The opening lines of Never Let Me Go by Kazuo Ishiguro are unnerving. A raw tension runs just beneath the surface, which contrasts sharply with the pleasant tone of Katy H., the narrator. We know something's out of place from the outset. It's like coming back home and feeling that somebody's already been there before us. They haven't taken anything, but things are not where they're supposed to be. And we wonder what? And why? And we slowly move from sentence to sentence, to avoid missing clues. And all the while we fear the worst. But we read on.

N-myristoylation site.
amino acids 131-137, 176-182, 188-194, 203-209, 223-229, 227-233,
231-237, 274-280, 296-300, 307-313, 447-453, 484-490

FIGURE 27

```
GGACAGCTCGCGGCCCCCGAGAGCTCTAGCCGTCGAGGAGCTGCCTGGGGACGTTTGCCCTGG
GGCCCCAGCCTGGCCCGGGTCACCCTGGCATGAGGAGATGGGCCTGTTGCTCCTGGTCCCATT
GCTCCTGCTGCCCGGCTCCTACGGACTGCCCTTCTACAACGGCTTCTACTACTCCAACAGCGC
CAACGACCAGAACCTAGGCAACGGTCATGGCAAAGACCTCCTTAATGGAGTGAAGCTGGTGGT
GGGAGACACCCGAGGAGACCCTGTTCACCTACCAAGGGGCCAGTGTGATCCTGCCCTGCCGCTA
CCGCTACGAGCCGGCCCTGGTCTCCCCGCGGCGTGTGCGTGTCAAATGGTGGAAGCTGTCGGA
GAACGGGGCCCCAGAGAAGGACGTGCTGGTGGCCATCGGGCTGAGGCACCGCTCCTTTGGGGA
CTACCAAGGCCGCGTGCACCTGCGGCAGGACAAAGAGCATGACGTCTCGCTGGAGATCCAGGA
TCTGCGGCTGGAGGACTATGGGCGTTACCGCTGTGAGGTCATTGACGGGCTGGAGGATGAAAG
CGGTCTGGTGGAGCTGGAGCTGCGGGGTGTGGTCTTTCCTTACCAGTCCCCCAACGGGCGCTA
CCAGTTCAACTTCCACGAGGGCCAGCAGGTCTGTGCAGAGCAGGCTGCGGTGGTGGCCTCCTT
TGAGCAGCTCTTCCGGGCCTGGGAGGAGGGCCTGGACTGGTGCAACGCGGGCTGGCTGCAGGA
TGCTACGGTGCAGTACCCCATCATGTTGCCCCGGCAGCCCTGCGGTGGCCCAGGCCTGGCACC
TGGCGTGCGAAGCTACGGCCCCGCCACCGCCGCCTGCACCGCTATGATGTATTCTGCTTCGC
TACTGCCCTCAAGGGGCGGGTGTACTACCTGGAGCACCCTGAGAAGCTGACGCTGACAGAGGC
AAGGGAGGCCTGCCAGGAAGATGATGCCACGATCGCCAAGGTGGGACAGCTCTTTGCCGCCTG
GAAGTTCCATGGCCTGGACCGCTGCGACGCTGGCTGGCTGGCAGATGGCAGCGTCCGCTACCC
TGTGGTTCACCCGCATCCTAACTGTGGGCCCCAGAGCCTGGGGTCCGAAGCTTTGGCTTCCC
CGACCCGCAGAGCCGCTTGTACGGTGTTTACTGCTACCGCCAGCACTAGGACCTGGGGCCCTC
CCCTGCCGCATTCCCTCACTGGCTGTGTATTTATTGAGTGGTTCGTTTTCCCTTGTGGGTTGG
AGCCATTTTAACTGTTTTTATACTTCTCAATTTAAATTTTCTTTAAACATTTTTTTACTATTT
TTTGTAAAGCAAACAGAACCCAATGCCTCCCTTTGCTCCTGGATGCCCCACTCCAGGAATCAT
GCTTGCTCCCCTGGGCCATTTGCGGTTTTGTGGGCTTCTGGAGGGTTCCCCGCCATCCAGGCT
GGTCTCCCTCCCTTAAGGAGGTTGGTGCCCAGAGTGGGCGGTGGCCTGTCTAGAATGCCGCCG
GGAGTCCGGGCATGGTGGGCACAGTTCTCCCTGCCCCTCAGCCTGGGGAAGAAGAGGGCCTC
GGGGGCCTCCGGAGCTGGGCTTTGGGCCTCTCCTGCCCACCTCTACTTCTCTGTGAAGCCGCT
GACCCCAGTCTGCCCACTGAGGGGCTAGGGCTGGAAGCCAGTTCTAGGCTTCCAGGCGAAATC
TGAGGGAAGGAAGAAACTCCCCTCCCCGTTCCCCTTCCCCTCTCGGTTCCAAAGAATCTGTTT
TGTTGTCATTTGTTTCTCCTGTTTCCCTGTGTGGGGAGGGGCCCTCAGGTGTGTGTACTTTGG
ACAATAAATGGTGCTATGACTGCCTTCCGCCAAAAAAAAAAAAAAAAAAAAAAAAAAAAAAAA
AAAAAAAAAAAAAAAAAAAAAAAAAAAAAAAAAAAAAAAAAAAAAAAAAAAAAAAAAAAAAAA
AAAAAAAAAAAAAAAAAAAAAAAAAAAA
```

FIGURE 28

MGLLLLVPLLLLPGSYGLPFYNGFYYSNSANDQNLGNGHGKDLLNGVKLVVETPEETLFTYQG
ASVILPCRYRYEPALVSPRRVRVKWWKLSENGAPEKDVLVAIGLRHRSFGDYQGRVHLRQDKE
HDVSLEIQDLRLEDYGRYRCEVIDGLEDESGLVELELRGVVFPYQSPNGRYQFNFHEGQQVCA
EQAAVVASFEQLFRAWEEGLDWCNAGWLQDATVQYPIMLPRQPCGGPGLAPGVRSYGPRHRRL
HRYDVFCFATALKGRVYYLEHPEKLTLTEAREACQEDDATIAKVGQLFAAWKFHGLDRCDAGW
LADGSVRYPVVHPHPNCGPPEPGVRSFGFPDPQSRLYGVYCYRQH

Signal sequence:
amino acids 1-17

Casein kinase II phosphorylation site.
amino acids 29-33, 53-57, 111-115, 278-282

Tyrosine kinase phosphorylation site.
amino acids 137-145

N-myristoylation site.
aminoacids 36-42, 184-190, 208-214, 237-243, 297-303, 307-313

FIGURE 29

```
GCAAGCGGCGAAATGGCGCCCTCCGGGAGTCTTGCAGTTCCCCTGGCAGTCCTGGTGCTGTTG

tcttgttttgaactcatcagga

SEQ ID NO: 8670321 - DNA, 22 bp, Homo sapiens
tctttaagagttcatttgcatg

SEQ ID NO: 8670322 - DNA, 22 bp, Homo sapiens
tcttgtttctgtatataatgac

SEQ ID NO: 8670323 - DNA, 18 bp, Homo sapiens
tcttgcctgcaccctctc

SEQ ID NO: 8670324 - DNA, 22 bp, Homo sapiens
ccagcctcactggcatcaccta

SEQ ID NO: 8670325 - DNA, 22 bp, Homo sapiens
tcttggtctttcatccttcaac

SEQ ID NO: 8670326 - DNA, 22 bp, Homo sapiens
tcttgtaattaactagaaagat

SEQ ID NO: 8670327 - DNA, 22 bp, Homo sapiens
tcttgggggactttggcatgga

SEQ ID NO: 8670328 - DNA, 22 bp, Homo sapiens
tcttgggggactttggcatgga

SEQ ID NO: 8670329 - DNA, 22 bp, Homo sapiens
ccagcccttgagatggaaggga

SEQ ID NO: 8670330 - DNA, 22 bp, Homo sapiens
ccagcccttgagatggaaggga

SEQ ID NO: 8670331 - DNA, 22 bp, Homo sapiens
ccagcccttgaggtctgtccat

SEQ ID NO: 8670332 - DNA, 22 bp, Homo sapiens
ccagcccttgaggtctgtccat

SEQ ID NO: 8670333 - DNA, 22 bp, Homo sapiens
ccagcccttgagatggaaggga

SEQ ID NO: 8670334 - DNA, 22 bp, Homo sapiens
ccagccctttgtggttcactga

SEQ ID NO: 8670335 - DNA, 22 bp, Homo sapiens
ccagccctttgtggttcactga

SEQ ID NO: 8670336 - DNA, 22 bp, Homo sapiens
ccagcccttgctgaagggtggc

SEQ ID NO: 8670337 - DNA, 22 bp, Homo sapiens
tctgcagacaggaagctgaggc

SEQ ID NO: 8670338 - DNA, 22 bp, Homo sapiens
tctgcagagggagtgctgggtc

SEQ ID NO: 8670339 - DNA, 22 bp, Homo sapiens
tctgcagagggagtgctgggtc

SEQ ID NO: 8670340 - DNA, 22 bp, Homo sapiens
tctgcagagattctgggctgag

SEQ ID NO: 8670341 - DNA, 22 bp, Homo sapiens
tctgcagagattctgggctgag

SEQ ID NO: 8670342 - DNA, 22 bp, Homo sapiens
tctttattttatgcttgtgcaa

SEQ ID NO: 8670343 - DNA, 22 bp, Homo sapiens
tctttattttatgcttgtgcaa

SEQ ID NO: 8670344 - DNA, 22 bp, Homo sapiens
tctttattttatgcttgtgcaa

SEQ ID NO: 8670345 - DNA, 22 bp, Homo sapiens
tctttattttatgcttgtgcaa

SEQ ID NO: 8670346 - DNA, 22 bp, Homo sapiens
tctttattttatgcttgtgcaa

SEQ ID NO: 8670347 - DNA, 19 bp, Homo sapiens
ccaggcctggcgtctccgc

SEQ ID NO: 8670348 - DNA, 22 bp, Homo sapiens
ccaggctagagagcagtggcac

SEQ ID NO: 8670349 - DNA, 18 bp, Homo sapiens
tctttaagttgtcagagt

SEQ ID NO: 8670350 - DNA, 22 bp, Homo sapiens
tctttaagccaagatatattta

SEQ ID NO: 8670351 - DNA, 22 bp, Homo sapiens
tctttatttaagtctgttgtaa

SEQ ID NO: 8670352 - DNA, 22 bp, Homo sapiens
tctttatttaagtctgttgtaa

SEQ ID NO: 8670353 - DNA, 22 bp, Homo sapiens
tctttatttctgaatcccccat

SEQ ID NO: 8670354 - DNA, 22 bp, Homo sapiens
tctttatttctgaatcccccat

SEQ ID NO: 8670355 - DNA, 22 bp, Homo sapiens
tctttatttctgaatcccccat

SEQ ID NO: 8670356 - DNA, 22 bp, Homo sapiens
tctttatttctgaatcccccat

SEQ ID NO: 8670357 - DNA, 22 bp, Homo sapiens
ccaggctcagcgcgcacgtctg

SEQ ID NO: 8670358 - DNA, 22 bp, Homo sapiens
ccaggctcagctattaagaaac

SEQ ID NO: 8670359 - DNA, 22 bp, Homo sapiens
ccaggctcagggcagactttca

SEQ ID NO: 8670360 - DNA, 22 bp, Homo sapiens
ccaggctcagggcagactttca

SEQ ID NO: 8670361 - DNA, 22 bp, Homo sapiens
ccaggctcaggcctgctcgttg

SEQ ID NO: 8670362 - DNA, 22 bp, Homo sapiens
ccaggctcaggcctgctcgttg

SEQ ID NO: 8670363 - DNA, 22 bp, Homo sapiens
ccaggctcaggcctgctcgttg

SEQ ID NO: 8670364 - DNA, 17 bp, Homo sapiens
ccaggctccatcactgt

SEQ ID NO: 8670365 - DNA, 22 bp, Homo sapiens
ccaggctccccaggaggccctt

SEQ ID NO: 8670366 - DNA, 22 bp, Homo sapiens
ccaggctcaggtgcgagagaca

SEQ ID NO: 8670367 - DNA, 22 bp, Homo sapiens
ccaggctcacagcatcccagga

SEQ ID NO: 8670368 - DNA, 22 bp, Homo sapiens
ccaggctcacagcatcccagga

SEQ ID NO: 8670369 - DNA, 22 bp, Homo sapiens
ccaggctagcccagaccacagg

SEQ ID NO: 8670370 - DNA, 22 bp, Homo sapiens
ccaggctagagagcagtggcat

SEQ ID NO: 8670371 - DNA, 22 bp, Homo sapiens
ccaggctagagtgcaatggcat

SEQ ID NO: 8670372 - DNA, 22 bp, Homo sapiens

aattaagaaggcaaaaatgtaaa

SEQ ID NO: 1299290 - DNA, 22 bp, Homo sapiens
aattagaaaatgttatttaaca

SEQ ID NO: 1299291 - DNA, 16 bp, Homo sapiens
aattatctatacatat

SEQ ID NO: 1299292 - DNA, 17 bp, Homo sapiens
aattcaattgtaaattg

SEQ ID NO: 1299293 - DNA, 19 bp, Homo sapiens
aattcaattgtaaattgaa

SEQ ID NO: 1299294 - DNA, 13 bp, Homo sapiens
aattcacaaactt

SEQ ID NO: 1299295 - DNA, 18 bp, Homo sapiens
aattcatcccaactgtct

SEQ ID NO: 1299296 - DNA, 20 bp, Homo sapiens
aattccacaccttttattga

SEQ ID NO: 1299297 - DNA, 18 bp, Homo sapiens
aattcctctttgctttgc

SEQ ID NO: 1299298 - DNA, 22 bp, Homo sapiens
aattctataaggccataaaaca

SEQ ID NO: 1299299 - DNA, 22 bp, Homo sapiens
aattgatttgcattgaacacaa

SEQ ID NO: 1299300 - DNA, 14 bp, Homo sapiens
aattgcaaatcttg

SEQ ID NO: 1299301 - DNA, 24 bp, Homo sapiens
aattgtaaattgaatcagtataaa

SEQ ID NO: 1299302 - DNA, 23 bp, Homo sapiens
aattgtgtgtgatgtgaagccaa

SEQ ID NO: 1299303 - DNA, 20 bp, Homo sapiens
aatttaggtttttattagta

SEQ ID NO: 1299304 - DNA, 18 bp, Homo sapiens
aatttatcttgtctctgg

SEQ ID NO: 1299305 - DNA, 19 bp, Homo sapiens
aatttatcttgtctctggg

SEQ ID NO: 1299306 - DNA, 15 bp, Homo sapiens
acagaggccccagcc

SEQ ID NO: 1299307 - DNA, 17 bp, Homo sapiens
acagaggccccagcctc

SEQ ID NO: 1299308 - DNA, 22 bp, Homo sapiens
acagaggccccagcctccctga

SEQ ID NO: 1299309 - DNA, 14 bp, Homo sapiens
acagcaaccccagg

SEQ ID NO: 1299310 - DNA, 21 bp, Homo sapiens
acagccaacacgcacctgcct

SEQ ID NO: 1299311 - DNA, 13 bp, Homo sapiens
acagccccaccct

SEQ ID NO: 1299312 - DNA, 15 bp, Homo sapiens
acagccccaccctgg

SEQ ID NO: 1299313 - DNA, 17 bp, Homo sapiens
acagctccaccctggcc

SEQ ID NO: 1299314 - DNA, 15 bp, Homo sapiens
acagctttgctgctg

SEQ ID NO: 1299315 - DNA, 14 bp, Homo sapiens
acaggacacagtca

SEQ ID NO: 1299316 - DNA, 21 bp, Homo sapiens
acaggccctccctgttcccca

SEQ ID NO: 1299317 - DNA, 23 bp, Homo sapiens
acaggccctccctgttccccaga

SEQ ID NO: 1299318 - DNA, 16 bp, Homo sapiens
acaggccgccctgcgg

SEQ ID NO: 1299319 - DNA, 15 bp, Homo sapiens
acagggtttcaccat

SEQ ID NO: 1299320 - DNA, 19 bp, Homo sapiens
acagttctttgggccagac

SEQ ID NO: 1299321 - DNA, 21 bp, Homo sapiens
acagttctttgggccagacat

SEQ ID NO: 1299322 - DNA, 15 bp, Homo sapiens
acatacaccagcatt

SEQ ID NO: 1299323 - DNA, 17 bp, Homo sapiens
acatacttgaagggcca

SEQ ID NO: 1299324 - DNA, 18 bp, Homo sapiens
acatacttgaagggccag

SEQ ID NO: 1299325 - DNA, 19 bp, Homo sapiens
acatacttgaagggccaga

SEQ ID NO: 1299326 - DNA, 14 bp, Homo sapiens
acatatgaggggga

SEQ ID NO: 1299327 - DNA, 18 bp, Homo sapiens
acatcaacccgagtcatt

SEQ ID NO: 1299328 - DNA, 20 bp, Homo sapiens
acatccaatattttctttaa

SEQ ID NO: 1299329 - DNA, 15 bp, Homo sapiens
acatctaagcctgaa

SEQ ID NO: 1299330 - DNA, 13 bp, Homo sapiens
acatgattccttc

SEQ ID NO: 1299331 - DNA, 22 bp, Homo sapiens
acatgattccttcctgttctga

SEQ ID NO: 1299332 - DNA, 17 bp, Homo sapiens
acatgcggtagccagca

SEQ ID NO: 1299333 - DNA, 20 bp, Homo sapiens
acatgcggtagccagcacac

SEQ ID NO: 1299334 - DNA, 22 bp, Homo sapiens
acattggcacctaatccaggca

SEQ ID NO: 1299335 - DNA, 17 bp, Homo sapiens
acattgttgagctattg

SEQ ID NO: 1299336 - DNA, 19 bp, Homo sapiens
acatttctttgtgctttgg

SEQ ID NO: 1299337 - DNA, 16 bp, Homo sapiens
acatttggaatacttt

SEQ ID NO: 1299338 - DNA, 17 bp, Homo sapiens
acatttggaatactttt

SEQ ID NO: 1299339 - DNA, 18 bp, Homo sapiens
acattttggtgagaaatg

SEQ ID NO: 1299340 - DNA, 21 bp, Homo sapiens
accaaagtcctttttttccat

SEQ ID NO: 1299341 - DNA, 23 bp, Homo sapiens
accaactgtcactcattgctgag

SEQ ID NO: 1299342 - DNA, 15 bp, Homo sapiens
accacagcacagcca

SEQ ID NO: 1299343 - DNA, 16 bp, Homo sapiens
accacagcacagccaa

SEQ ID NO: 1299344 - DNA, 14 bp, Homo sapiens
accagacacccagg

"My name is Kathy H. I'm thirty-one years old, and I've been a carer now for over eleven years. That sounds long enough, I know, but actually they want me to go on for another eight months, until the end of this year. That'll make it almost exactly twelve years. Now I know my being a carer so long isn't necessarily because they think I'm fantastic at what I do. There are some really good carers who've been told to stop after just two or three years. And I can think of one carer at least who went on for all of fourteen years despite being a complete waste of space. So I'm not trying to boast. But then I do know for a fact they've been pleased with my work, and by and large, I have too. My donors have always tended to do much better than expected. Their recovery times have been impressive, and hardly any of them have been classified as "agitated," even before fourth donation. Okay, maybe I am boasting now. But it means a lot to me, being able to do my work well, especially that bit about my donors staying "calm." I've developed a kind of instinct around donors. I know when to hang around and comfort them, when to leave them to themselves; when to listen to everything they have to say, and when just to shrug and tell them to snap out of it.